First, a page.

Puma Biotech has only retained commercial rights to its cancer drug Nerlynx in the U.S. and Japan after a series of licensing deals. But even the remaining U.S. launch doesn’t seem to be going well.
In the first quarter, Nerlynx ginned up sales of $45.6 million, Puma said Thursday. That’s way below analyst expectations of around $66 million and didn’t even match up to the $50.8 million Nerlynx pulled in during the second quarter last year.
Executives on the Q1 call offered a lot of explanations, including an increase in the number of patients discontinuing therapy. That was the driving force behind the slowdown, the execs said, promising the company is working hard to improve those stats. But analysts want to wait until Q2 numbers come in before giving management a pass.
For starters, many patients who began treatment in early 2018 completed treatment in Q1, chief commercial officer Steven Lo said, because Nerlynx is given for a year in the extended adjuvant setting—that’s after Roche’s Herceptin as a first post-surgery therapy to help prevent a recurrence. But that doesn’t explain why new patients didn’t fill the gap.
One major shortfall analysts piled onto—and Lo acknowledged as “an important driver for the success of Nerlynx”—is patient discontinuations.
The company saw higher rates of discontinuation, primarily because of side effects in general, and diarrhea specifically, Lo explained. Some doctors didn’t prescribe any medications to prevent diarrhea, which Lo attributed to a lack of awareness. And even when doctors did, some patients may not have filled those prevention-oriented prescriptions, he said.
“To address the increase in discontinuations, we are continuing to increase our efforts of educating physicians, nurses and patients about the importance of anti-diarrheal management,” Lo said. “In addition to this, we have a concerted effort to re-educate doctors about dose reductions and dose holds to increase tolerability. This allows patients to stay on Nerlynx and not permanently discontinue.”
Moreover, Puma suffered an unusually high sales force turnover in Q1. Among its 80 sales territories, 18 didn’t have a sales rep at some point in the quarter, which probably led to a decrease in patient volume, Lo said. Two factors caused the gap: Puma is competing with many other oncology drugmakers for talent, and the company was replacing some reps in underperforming territories.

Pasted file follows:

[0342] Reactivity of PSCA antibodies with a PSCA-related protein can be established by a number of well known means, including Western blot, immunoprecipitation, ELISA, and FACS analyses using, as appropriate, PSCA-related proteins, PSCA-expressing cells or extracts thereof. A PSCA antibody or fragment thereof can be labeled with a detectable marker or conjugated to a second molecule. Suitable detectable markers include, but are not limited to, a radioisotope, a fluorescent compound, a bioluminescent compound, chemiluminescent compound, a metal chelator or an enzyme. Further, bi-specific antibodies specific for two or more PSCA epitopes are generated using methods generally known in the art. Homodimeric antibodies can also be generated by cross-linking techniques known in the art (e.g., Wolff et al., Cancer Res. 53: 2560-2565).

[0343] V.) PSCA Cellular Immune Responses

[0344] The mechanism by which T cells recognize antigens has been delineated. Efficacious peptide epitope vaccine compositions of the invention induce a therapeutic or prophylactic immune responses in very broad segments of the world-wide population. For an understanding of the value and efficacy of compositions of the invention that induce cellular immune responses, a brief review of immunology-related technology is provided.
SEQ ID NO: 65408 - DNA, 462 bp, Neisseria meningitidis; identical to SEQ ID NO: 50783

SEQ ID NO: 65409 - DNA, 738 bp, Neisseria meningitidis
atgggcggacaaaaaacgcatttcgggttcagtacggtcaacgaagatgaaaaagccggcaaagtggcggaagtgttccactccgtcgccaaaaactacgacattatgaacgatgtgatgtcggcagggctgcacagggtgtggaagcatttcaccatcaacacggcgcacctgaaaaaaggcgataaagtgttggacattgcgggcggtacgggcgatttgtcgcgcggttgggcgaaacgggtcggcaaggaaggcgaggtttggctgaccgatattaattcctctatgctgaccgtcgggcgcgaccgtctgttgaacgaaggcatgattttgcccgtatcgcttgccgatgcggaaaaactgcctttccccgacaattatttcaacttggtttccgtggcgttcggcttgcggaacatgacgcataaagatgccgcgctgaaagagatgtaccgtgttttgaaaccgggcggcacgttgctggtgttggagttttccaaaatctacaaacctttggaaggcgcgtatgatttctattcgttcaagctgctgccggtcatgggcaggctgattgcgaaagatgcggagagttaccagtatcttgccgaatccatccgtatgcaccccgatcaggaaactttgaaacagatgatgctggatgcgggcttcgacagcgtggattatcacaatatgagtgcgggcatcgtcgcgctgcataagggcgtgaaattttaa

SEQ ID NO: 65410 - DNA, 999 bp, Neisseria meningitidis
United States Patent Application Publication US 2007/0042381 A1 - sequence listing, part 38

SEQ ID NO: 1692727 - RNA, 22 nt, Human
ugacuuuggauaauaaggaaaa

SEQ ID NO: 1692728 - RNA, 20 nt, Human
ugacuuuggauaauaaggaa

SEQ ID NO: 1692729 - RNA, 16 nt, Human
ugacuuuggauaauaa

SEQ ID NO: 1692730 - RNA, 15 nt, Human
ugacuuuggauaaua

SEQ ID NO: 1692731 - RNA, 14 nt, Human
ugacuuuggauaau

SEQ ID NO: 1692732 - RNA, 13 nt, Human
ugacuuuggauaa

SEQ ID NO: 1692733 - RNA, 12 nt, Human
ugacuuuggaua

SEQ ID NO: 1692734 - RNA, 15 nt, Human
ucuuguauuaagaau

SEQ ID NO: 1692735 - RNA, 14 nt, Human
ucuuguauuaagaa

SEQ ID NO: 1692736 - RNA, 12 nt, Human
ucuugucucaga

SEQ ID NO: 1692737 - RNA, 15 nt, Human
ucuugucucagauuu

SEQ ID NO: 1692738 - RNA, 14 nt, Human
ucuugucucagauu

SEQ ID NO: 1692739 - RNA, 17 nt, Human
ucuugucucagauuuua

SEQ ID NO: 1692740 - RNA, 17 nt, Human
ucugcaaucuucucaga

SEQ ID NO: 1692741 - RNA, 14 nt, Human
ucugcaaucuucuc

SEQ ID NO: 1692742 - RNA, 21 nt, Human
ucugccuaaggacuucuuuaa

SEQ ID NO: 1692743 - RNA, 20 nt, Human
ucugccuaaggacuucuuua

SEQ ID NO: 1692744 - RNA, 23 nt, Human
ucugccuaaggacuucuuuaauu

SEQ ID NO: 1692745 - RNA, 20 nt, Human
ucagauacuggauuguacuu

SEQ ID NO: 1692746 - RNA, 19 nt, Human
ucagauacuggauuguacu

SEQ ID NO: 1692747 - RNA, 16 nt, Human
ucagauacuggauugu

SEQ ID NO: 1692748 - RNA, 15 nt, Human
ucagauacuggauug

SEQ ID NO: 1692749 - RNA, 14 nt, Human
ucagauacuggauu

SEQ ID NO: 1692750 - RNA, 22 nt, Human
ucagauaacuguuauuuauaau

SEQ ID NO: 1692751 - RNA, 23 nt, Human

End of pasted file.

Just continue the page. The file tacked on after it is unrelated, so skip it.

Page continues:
Net pricing also came under pressure in Q1, as the gross-to-net gap grew to 18% from 4% in the previous quarter. That's mainly because of $2 million in Medicaid charges, Chief Financial Officer Maximo Nougues said.
Based on the poor Q1 performance, Puma dialed down its full-year expectations to $220 million to $240 million, versus $255 million to $280 million previously. The lowered guidance depends on quarter-over-quarter sequential growth of 12% to 20% through the rest of the year, RBC Capital analyst Kennen KcKay noted. Lo, for his part, said physicians will be more comfortable managing side effects as they gain more experience with the drug.
Now that only two sales vacancies remain, and the company has poured a lot of resources into re-educating physicians and patients, the total number of bottles prescribed in April increased 20% over March, reaching 1,600, according to Lo. But analysts from Cantor Fitzgerald, SVB Leerink and J.P. Morgan all wanted to see more.
“We still think that some risks remain to 2019 guidance unless we see a significant rebound in volume,” Cantor analyst Alethia Young wrote in a Friday note to clients. She even went so far as to suggest a “significant overhaul” to the commercial team as “the company has provided many reasons why we have seen bumpy quarterly trends for Nerlynx” since launch, but also cautioned that a makeover at this point might cause greater disruption.
SVB Leerink’s Thomas Smith, for his part, said the Q1 miss “may fuel concerns that Nerlynx sales may have peaked in the currently approved HER2+ extended adjuvant setting,” despite a monthly uptick in April. For that, he also said he’d prefer to stay on the sidelines on the drug’s future.
The drug does have one near-term upside—an opportunity for label expansion if it can pull it off. The company recently unveiled data from a phase 3 trial in third-line breast cancer. While the drug showed significant improvement at stalling tumor’s progression, it only showed a numeric benefit at extending patients' lives.
As Smith wrote in his Friday note, the comparator drug used in the trial, Novartis’ Tykerb, is no longer considered the standard of care in the third-line setting, and sales of that drug have been steadily declining. Industry leaders polled by SVB Leerink suggested that “using Tykerb as a comparator may have limited commercial relevance unless the magnitude of benefit over Tykerb is overwhelming.”
The company will present full data at the upcoming American Society of Clinical Oncology meeting in early June. CEO Alan Auerbach said Puma has met with the FDA on the new indication and is now planning to file for approval in June or July.